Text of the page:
Pitsch v. ILHR Department

Annotate this Case

47 Wis. 2d 55 (1970)

176 N.W.2d 390

PITSCH (Raymond), by his widow on behalf of herself and minor children, Appellant, v. DEPARTMENT OF INDUSTRY, LABOR & HUMAN RELATIONS and another, Respondents.

No. 201.

Supreme Court of Wisconsin.

Argued April 1, 1970.

Decided May 1, 1970.

*58 For the appellant there was a brief by Baker, Juliani, Stanhope, Joling & Greco and Carl M. Greco and Robert J. Joling, all of Kenosha, and oral argument by Carl M. Greco.

For the respondent Department of Industry, Labor & Human Relations the cause was argued by Gordon Samuelsen, assistant attorney general, with whom on the brief was Robert W. Warren, attorney general.


The sole issue presented on this appeal is whether there is credible evidence to sustain the finding of the ILHR Department that the fatal myocardial infarction suffered by Raymond Pitsch on May 15, 1967, did not arise out of his employment.

The test of review recently reaffirmed in R. T. Madden, Inc. v. ILHR Department (1969), 43 Wis. 2d 528, 169 N.W.2d 73, is whether there is any credible evidence *59 to support the department's finding that his accident was caused by a pre-existing condition rather than by the demands of his employment. In the instant case there is no disagreement as to the existence of the deceased's pre-existing coronary arterial disease.

At the hearing Dr. Harold Wagner testified that Mr. Pitsch's death resulted from employment related exertion which required his heart to work beyond the threshold of its reserve which had been impaired by his pre-existing condition. Dr. Francis F. Rosenbaum, however, indicated:

"It is my opinion, to a reasonable medical probability, that the fatal myocardial infarction in this patient was coincidental with the work performed on the morning of the patient's death. It is my opinion, further, to a reasonable medical probability, that the work performed was sufficiently like that in which the patient was ordinarily involved that it cannot have been an unusual occupation and did not, therefore, aggravate the longstanding underlying heart disease nor precipitate the myocardial infarction which proved fatal." (Emphasis supplied.)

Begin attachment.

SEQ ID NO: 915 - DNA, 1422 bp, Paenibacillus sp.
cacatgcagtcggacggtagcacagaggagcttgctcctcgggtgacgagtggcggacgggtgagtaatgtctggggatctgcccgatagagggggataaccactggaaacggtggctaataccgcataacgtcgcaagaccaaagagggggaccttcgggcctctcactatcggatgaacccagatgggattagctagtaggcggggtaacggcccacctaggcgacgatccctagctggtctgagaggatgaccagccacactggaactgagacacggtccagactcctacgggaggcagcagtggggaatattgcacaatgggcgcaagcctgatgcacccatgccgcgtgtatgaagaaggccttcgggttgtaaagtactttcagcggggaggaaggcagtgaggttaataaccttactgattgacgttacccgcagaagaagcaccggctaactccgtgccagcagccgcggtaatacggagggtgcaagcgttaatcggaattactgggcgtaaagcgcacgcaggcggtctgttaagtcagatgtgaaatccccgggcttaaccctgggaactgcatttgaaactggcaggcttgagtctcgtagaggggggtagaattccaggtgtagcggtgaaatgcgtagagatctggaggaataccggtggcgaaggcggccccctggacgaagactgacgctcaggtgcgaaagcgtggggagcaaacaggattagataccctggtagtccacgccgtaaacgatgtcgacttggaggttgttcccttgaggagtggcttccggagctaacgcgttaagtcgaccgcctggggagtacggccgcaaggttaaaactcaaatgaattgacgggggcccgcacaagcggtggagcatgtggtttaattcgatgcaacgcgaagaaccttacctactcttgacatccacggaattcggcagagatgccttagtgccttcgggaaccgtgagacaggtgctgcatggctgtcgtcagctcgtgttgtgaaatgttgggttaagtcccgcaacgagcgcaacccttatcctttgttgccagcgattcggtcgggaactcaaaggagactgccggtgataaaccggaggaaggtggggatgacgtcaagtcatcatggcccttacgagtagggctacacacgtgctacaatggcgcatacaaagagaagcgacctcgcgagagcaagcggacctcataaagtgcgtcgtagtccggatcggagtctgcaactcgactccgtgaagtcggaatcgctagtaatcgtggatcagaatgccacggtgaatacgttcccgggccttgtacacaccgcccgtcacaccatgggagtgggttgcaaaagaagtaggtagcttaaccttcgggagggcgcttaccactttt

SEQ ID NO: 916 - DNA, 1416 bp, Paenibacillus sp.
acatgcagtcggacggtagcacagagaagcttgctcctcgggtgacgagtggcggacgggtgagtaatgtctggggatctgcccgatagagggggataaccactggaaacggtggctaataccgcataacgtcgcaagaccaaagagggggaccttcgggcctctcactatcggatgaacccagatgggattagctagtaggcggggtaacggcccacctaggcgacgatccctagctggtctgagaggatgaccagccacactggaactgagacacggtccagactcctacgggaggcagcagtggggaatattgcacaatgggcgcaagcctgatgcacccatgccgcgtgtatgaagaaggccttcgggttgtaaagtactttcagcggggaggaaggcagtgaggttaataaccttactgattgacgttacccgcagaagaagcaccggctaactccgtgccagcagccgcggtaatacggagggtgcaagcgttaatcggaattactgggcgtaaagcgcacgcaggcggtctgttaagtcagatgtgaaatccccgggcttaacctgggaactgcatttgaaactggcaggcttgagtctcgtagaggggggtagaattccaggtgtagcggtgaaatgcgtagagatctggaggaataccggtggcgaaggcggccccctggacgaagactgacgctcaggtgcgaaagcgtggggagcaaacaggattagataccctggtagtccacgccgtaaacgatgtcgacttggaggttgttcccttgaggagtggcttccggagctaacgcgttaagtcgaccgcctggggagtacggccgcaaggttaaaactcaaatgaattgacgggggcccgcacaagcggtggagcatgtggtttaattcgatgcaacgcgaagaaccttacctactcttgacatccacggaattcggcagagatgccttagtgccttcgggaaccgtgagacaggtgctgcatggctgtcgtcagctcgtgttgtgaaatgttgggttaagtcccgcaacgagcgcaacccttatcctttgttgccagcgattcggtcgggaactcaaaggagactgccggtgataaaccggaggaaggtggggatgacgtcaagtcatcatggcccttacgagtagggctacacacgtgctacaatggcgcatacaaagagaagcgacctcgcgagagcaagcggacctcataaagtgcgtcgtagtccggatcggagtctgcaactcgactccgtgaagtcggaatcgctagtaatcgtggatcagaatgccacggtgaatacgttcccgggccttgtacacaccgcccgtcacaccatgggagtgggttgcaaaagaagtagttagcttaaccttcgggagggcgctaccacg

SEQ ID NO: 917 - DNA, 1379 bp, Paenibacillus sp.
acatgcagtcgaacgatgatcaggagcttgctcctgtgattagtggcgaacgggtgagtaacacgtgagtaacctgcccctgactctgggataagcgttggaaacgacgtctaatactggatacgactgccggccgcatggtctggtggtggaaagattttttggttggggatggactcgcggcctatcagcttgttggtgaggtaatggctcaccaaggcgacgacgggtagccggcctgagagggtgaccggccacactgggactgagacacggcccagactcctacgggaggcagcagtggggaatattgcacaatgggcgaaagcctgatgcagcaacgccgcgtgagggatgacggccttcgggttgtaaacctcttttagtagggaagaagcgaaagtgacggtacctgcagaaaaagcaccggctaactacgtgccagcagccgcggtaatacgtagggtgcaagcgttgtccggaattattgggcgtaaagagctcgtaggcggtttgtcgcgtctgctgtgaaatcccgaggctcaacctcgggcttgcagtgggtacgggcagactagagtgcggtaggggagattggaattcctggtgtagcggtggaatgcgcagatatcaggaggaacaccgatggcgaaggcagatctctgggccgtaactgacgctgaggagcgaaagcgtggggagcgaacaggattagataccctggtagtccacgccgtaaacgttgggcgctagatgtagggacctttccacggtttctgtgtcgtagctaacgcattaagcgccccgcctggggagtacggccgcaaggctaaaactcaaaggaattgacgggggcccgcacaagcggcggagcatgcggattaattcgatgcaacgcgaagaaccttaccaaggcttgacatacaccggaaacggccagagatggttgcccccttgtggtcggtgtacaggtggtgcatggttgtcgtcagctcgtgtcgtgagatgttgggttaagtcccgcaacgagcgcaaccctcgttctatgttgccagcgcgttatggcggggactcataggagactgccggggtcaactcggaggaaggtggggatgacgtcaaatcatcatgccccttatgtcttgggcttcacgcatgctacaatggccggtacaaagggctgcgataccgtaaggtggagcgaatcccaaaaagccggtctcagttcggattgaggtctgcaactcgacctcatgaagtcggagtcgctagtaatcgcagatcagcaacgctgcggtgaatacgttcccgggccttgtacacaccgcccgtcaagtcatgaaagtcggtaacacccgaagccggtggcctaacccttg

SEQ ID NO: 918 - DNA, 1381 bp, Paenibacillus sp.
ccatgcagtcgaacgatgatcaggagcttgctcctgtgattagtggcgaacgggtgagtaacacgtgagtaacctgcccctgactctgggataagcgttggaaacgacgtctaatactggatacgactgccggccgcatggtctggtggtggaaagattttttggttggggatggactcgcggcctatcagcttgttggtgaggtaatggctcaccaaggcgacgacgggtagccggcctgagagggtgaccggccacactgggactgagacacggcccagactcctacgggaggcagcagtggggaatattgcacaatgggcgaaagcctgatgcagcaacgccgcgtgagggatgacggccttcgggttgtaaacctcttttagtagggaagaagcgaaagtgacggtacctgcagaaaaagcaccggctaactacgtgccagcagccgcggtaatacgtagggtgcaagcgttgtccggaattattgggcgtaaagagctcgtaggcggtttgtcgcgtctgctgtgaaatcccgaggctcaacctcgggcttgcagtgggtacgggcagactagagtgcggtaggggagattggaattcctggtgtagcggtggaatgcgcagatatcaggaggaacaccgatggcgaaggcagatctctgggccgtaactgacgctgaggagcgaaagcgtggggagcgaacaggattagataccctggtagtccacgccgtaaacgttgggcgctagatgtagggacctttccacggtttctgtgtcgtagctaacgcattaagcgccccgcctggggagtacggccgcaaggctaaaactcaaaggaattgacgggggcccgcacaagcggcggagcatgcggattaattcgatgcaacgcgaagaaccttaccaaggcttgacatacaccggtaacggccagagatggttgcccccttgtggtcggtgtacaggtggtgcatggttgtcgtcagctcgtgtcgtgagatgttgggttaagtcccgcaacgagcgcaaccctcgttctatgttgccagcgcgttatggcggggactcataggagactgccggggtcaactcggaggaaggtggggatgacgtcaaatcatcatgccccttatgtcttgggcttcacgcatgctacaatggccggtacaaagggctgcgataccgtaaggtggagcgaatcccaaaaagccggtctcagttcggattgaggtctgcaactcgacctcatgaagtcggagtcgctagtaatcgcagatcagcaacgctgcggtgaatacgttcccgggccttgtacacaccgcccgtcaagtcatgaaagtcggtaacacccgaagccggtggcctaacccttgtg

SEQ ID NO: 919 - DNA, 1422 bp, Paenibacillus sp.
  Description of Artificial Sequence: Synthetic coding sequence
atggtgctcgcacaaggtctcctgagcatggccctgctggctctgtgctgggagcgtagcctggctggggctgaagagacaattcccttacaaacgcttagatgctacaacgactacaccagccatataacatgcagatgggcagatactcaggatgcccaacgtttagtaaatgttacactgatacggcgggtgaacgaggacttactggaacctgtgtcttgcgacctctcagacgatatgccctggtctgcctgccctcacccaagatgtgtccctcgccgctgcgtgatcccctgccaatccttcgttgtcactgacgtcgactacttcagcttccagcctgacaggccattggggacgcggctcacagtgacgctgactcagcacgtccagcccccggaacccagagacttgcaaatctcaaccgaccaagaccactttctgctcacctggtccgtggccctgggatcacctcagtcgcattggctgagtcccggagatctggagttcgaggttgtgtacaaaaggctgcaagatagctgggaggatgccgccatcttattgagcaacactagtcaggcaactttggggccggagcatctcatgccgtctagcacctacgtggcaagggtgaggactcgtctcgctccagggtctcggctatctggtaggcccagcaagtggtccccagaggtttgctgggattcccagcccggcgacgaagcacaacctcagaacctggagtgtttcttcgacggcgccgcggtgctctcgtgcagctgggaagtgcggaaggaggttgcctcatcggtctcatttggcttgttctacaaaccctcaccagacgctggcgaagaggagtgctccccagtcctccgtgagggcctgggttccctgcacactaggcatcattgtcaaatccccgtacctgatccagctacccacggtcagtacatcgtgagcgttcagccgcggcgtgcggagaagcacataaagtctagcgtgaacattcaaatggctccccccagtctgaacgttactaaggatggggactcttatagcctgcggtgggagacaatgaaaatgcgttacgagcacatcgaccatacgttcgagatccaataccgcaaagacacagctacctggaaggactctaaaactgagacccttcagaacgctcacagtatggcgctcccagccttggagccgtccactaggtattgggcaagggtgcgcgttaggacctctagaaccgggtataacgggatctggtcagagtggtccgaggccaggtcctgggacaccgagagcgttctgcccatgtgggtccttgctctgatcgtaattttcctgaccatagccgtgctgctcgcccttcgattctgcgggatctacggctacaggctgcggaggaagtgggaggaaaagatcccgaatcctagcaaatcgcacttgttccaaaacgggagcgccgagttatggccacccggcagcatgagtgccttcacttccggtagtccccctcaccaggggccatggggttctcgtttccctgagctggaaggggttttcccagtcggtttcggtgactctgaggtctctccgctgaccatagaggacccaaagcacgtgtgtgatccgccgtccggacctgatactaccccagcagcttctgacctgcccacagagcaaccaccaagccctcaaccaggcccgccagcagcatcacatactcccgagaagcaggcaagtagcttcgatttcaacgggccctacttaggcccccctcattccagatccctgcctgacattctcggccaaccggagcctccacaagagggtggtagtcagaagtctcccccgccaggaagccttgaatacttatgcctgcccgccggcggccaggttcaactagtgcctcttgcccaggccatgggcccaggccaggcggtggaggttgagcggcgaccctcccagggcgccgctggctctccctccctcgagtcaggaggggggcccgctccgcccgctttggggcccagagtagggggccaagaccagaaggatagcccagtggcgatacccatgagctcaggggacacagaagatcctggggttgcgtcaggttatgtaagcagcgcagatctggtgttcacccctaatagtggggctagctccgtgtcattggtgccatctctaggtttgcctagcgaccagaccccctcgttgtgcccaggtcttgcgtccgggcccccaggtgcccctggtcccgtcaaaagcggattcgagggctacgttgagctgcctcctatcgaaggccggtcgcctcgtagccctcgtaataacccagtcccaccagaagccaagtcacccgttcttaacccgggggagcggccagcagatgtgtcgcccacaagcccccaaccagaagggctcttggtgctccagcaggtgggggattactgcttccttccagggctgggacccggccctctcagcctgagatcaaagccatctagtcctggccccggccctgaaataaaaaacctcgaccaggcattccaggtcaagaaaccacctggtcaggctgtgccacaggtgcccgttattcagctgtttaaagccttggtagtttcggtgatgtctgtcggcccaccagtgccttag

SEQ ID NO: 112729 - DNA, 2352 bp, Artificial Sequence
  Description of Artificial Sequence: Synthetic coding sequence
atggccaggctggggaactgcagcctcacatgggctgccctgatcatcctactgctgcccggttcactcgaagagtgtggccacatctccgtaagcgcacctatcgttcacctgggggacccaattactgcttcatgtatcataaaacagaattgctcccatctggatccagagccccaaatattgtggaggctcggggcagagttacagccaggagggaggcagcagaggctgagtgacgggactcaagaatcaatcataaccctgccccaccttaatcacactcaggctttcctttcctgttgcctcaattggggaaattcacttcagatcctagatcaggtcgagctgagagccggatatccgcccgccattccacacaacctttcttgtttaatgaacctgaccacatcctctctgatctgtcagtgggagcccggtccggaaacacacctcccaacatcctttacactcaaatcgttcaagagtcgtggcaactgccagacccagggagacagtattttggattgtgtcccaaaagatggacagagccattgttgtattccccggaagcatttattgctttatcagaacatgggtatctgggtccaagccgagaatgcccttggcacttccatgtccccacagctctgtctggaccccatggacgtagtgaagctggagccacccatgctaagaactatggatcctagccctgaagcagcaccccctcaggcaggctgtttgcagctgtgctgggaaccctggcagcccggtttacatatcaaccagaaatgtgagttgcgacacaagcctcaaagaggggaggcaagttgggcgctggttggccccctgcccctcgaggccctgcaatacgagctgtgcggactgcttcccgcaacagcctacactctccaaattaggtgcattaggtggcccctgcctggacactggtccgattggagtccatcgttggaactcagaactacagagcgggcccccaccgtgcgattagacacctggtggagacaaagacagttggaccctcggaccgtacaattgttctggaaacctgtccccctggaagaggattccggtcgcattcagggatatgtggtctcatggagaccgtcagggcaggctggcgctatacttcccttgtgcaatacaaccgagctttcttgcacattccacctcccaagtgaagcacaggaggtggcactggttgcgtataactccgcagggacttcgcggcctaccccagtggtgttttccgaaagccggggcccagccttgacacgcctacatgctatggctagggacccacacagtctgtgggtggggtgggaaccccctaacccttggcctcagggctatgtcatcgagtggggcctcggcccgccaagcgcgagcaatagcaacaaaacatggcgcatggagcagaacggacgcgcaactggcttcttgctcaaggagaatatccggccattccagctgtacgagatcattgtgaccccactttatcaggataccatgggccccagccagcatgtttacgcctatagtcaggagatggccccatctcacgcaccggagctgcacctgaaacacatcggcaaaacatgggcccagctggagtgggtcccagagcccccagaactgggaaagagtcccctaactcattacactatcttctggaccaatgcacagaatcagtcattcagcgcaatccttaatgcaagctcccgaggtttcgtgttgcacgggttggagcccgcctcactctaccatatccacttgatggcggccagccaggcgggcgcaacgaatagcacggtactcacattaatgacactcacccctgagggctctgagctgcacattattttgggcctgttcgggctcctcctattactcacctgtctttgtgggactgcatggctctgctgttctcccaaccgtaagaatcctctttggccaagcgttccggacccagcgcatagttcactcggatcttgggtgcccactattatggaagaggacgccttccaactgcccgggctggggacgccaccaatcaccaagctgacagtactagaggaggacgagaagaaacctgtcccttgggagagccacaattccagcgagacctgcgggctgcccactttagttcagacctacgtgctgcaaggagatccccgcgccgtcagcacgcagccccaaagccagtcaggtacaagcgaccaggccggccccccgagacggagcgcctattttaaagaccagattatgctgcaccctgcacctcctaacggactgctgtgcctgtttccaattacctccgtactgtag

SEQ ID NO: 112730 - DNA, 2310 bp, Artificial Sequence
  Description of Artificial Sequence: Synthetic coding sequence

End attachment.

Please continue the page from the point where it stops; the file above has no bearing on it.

Relying on Brown v. Industrial Comm. (1960), 9 Wis. 2d 555, 101 N.W.2d 788, the appellant presents two interrelated arguments to this court. Appellant's first contention is that Dr. Rosenbaum's testimony is not entitled to any weight in that it was based upon a belief that because the deceased was doing his usual work prior to his death, his injuries were not caused by such employment activities. Appellant's second contention is that the ILHR Department failed to apply the standard set forth in Brown, supra, in that the basis for its finding that deceased's work "did not aggravate the underlying heart disease nor precipitate the myocardial infarction" was likewise the fact that he was doing his usual work.

From these contentions it is apparent that the appellant has failed to distinguish legal causation from medical causation. The distinction is clearly set forth in 1A *60 Larson, Law of Workmen's Compensation, p. 622.20, sec. 38.83:

"Under the legal test, the law must define what kind of exertion satisfies the test `arising out of the employment.'

"Under the medical test, the doctors must say whether the exertion (having been held legally sufficient to support compensation) in fact caused this collapse.

"All too often these two tests are scrambled together. ..."

In Brown, supra, this court affirmed a circuit court reversal of a finding by the industrial commission. The industrial commission had denied recovery because the claimant, who had pre-existing back condition, was engaged in his usual work at the time the injury was incurred. This court, in reversing, stated, at page 570:

"There is no burden upon the employee to show that the exertion being put forth at the time of the herniation was in any way unusual to his employment...."

In so stating this court determined, although not directly, that causation legally sufficient to support compensation did not require a showing of strain or exertion greater than that normally required by the applicant's work efforts. Brown, supra, however, did not preclude a doctor, when determining medical causation, from considering whether the employee was engaged in his usual work at the time of injury. Since the nature of one's work activities at the time of injury as compared with the nature of one's usual or routine work is a proper factor to be considered by a doctor, Dr. Rosenbaum's testimony is not deprived of all weight credibility.

Subsequent to our denial in Brown, supra, of unusual activity as a prerequisite to recovery, this court in Lewellyn v. ILHR Department (1968), 38 Wis. 2d 43, 54, 155 N.W.2d 678, considered:

*61 "... whether recovery should be allowed when a preexisting condition becomes manifest or symptomatic during normal activity where the activity bears some relationship to the manifestation."

It then set forth, at pages 58 and 59, three categories to be employed in testing the legal sufficiency of causation:[1]